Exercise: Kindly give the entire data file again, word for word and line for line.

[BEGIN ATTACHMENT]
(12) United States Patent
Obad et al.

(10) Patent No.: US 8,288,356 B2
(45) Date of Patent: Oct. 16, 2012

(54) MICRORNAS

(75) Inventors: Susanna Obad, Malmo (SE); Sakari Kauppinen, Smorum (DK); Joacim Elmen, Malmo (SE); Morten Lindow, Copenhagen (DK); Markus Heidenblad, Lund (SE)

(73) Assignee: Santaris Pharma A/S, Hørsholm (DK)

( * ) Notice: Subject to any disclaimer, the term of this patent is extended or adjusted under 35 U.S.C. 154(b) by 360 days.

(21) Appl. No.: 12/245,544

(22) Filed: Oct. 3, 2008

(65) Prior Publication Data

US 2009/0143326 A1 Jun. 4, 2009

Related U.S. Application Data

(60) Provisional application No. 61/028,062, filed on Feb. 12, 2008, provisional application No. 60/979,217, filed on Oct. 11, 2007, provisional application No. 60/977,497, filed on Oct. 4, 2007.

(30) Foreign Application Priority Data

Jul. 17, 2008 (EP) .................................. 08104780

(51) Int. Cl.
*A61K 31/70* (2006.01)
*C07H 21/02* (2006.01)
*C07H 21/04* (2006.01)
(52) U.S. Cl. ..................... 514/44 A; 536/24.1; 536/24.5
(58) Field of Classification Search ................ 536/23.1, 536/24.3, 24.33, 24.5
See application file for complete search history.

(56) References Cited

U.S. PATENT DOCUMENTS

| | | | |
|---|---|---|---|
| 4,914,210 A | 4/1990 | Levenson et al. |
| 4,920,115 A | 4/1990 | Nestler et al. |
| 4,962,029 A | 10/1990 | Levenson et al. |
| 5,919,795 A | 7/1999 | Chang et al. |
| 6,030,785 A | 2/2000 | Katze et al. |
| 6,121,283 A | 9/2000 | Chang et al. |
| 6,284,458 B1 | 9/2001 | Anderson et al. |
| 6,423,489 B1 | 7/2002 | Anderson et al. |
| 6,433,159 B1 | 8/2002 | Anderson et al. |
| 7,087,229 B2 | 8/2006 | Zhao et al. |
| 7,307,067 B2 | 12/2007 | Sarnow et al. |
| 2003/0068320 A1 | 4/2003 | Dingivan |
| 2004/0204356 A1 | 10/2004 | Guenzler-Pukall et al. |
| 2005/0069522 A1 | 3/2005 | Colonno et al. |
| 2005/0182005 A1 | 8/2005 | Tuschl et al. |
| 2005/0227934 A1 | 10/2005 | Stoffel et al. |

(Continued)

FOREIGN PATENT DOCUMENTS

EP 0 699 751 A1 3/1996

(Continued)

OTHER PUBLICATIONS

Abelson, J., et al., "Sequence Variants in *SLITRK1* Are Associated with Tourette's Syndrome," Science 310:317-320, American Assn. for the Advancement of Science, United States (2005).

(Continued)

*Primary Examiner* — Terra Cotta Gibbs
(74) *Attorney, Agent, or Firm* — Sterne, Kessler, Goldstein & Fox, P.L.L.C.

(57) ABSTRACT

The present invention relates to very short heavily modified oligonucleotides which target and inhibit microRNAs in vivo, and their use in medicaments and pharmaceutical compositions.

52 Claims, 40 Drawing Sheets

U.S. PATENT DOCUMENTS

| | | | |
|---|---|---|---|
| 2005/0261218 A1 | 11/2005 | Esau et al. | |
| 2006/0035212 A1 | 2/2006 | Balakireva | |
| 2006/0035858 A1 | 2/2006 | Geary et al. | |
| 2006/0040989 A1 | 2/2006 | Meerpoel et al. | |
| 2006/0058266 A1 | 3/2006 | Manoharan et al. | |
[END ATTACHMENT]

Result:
(12) United States Patent
Obad et al.

(10) Patent No.: US 8,288,356 B2
(45) Date of Patent: Oct. 16, 2012

(54) MICRORNAS

(75) Inventors: Susanna Obad, Malmo (SE); Sakari Kauppinen, Smorum (DK); Joacim Elmen, Malmo (SE); Morten Lindow, Copenhagen (DK); Markus Heidenblad, Lund (SE)

(73) Assignee: Santaris Pharma A/S, Hørsholm (DK)

( * ) Notice: Subject to any disclaimer, the term of this patent is extended or adjusted under 35 U.S.C. 154(b) by 360 days.

(21) Appl. No.: 12/245,544

(22) Filed: Oct. 3, 2008

(65) Prior Publication Data

US 2009/0143326 A1 Jun. 4, 2009

Related U.S. Application Data

(60) Provisional application No. 61/028,062, filed on Feb. 12, 2008, provisional application No. 60/979,217, filed on Oct. 11, 2007, provisional application No. 60/977,497, filed on Oct. 4, 2007.

(30) Foreign Application Priority Data

Jul. 17, 2008 (EP) .................................. 08104780

(51) Int. Cl.
*A61K 31/70* (2006.01)
*C07H 21/02* (2006.01)
*C07H 21/04* (2006.01)
(52) U.S. Cl. ..................... 514/44 A; 536/24.1; 536/24.5
(58) Field of Classification Search ................ 536/23.1, 536/24.3, 24.33, 24.5
See application file for complete search history.

(56) References Cited

U.S. PATENT DOCUMENTS

| | | | |
|---|---|---|---|
| 4,914,210 A | 4/1990 | Levenson et al. |
| 4,920,115 A | 4/1990 | Nestler et al. |
| 4,962,029 A | 10/1990 | Levenson et al. |
| 5,919,795 A | 7/1999 | Chang et al. |
| 6,030,785 A | 2/2000 | Katze et al. |
| 6,121,283 A | 9/2000 | Chang et al. |
| 6,284,458 B1 | 9/2001 | Anderson et al. |
| 6,423,489 B1 | 7/2002 | Anderson et al. |
| 6,433,159 B1 | 8/2002 | Anderson et al. |
| 7,087,229 B2 | 8/2006 | Zhao et al. |
| 7,307,067 B2 | 12/2007 | Sarnow et al. |
| 2003/0068320 A1 | 4/2003 | Dingivan |
| 2004/0204356 A1 | 10/2004 | Guenzler-Pukall et al. |
| 2005/0069522 A1 | 3/2005 | Colonno et al. |
| 2005/0182005 A1 | 8/2005 | Tuschl et al. |
| 2005/0227934 A1 | 10/2005 | Stoffel et al. |

(Continued)

FOREIGN PATENT DOCUMENTS

EP 0 699 751 A1 3/1996

(Continued)

OTHER PUBLICATIONS

Abelson, J., et al., "Sequence Variants in *SLITRK1* Are Associated with Tourette's Syndrome," Science 310:317-320, American Assn. for the Advancement of Science, United States (2005).

(Continued)

*Primary Examiner* — Terra Cotta Gibbs
(74) *Attorney, Agent, or Firm* — Sterne, Kessler, Goldstein & Fox, P.L.L.C.

(57) ABSTRACT

The present invention relates to very short heavily modified oligonucleotides which target and inhibit microRNAs in vivo, and their use in medicaments and pharmaceutical compositions.

52 Claims, 40 Drawing Sheets

U.S. PATENT DOCUMENTS

| | | | |
|---|---|---|---|
| 2005/0261218 A1 | 11/2005 | Esau et al. | |
| 2006/0035212 A1 | 2/2006 | Balakireva | |
| 2006/0035858 A1 | 2/2006 | Geary et al. | |
| 2006/0040989 A1 | 2/2006 | Meerpoel et al. | |
| 2006/0058266 A1 | 3/2006 | Manoharan et al. | |